WASHINGTON – The economy in the U.S. expanded in the third quarter at a faster pace than forecast, led by the biggest increase in inventories in more than a year as household purchases and business investment slowed.
Gross domestic product rose at a 2.8 percent annualized rate after a 2.5 percent gain the prior three months, a Commerce Department report showed today in Washington. The median forecast of economists surveyed by Bloomberg called for a 2 percent advance. Consumer spending climbed 1.5 percent, the smallest increase since 2011.
The biggest gain in inventories since the first three months of 2012 risks holding back production in the current quarter, which began with a 16-day partial shutdown of the federal government. Jobs data tomorrow are projected to show hiring slowed in October, helping explain why Federal Reserve policy makers are pressing on with stimulus.
“Growth is steady but not that great,” Jonathan Basile, an economist at Credit Suisse in New York, said before the report. “The shutdown will have a temporary effect on this quarter’s growth.”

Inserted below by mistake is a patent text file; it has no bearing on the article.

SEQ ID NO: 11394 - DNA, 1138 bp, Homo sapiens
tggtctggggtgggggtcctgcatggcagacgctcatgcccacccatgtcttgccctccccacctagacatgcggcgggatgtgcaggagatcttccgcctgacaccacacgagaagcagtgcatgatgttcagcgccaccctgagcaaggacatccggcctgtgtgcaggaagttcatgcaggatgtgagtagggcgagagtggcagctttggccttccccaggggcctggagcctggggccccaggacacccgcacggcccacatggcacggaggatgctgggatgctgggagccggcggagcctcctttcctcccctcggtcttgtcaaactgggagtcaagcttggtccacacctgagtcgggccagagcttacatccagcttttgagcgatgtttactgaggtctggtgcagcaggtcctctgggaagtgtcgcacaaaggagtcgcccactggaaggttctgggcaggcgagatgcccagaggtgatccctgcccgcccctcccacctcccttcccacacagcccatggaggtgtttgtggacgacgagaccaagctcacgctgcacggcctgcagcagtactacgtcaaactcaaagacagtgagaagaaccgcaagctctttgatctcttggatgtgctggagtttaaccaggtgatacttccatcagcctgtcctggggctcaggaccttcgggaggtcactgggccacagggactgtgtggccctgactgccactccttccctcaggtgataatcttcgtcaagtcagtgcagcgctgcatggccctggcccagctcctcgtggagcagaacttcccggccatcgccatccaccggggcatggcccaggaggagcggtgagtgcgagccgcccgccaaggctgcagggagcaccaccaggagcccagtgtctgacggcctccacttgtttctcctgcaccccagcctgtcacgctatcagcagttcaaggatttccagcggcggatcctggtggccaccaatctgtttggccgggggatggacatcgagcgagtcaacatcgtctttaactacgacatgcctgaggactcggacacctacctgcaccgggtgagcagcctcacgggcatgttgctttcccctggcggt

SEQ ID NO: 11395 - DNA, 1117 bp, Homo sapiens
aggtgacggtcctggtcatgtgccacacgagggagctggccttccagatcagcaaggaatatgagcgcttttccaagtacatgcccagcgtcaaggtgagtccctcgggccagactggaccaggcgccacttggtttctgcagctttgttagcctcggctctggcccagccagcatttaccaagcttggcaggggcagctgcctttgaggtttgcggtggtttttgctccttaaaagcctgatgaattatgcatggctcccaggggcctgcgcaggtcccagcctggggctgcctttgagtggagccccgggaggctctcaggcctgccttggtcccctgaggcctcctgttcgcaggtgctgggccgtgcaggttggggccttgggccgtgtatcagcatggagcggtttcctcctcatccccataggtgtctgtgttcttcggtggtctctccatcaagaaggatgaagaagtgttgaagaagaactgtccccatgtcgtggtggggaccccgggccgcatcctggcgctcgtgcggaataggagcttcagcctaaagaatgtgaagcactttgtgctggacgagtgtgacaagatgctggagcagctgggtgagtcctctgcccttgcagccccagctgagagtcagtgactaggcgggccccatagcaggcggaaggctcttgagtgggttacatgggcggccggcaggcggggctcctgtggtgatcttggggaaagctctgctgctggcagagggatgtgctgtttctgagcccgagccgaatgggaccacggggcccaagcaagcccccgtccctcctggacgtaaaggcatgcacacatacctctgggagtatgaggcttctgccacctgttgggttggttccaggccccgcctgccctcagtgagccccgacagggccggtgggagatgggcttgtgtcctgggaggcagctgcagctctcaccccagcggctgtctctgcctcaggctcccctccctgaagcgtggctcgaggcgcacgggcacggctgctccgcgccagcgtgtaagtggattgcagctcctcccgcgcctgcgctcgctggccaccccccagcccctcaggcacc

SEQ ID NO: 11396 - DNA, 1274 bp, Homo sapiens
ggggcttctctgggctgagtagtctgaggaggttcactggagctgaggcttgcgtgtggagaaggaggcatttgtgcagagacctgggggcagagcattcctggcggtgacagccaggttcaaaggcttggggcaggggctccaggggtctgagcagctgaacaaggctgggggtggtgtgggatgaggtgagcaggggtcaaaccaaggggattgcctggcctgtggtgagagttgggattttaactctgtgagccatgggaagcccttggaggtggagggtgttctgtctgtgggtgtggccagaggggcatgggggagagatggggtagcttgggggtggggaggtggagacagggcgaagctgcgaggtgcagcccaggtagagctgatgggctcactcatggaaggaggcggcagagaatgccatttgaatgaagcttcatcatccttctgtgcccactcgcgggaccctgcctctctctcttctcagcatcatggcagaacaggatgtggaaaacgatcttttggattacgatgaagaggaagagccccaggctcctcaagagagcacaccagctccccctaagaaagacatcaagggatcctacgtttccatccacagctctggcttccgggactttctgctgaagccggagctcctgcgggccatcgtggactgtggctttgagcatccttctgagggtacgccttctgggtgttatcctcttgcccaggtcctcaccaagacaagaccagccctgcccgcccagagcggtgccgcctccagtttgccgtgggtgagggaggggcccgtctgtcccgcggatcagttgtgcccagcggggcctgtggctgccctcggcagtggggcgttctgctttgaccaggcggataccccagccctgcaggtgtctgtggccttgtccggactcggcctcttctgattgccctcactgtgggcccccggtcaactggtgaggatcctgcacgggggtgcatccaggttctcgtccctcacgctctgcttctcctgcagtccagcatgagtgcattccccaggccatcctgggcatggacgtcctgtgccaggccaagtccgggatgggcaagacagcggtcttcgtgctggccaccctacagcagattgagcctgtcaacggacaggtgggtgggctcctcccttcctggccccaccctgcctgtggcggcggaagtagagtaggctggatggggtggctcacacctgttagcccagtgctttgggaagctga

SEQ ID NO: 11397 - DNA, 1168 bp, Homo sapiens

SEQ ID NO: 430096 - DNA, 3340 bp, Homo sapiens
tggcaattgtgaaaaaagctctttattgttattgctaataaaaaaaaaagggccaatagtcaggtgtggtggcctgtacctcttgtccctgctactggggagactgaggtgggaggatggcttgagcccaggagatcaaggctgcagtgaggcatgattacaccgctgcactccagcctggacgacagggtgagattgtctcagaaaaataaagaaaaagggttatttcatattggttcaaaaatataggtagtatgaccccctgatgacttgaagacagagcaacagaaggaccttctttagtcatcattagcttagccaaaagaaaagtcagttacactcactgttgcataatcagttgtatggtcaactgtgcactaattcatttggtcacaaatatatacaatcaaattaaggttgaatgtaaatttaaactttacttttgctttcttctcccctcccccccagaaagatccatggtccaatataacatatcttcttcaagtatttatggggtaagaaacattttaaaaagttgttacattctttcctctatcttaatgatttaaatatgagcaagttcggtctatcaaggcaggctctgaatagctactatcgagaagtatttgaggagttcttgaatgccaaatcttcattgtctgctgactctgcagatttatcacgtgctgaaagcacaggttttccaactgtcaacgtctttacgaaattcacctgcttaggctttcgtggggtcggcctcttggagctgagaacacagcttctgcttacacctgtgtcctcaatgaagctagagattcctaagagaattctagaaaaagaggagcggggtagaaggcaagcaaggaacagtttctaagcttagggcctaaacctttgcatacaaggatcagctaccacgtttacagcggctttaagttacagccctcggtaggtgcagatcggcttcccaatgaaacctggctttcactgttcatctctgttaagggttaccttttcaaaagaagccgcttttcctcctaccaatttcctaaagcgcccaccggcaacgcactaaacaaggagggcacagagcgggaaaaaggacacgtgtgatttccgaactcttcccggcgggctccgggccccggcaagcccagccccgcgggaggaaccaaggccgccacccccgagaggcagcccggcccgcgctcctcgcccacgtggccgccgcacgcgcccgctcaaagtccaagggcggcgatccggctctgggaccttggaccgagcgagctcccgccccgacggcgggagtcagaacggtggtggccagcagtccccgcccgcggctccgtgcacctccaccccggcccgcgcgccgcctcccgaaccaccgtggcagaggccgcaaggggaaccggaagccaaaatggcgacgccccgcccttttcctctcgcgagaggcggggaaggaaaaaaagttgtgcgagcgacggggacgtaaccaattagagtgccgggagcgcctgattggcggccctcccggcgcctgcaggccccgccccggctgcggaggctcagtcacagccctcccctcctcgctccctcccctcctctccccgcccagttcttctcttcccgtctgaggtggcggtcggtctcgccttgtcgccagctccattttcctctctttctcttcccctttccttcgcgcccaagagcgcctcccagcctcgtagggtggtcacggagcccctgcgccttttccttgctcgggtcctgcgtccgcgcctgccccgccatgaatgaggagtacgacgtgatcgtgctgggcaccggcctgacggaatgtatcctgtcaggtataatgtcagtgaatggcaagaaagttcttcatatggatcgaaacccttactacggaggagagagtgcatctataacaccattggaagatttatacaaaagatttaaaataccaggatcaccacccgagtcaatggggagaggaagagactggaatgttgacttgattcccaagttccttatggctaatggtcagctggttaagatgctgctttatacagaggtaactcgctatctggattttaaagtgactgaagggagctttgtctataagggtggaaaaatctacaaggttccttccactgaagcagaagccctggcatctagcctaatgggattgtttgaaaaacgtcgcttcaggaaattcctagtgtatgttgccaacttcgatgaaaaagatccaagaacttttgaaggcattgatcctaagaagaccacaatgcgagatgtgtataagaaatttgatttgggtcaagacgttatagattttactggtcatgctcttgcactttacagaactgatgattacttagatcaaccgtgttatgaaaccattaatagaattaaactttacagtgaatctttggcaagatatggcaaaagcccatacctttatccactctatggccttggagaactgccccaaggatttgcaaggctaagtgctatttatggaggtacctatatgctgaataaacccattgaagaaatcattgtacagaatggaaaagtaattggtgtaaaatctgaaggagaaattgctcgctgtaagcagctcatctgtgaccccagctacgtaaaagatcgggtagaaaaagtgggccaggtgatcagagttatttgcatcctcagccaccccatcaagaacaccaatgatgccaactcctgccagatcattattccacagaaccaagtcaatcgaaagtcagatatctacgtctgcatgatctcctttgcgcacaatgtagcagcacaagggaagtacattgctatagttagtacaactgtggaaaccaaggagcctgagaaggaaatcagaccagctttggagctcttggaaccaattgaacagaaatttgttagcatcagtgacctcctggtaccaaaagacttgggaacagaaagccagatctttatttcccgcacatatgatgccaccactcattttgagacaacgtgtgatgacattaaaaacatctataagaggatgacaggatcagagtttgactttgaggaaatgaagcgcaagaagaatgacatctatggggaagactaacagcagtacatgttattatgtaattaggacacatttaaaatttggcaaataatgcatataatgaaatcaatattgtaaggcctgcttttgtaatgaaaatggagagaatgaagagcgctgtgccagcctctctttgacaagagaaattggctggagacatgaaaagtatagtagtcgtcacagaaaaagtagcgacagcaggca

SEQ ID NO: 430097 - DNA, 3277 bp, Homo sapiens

Estimates of the 87 economists surveyed for third-quarter GDP, the value of all goods and services produced, ranged from 1.2 percent to 3 percent. The data, initially slated for release on Oct. 30, were delayed by the government shutdown.
Stock-index futures held gains as the European Central Bank lowered interest rates to fight a looming deflation risk. The contract on the Standard & Poor’s 500 Index expiring in December rose 0.4 percent to 1,773.2 at 8:34 a.m. in New York.
The GDP estimate is the first of three for the quarter, with the other releases scheduled for December when more information becomes available.
Another report showed first-time claims for jobless benefits fell by 9,000 to 336,000 last week, according to the Labor Department.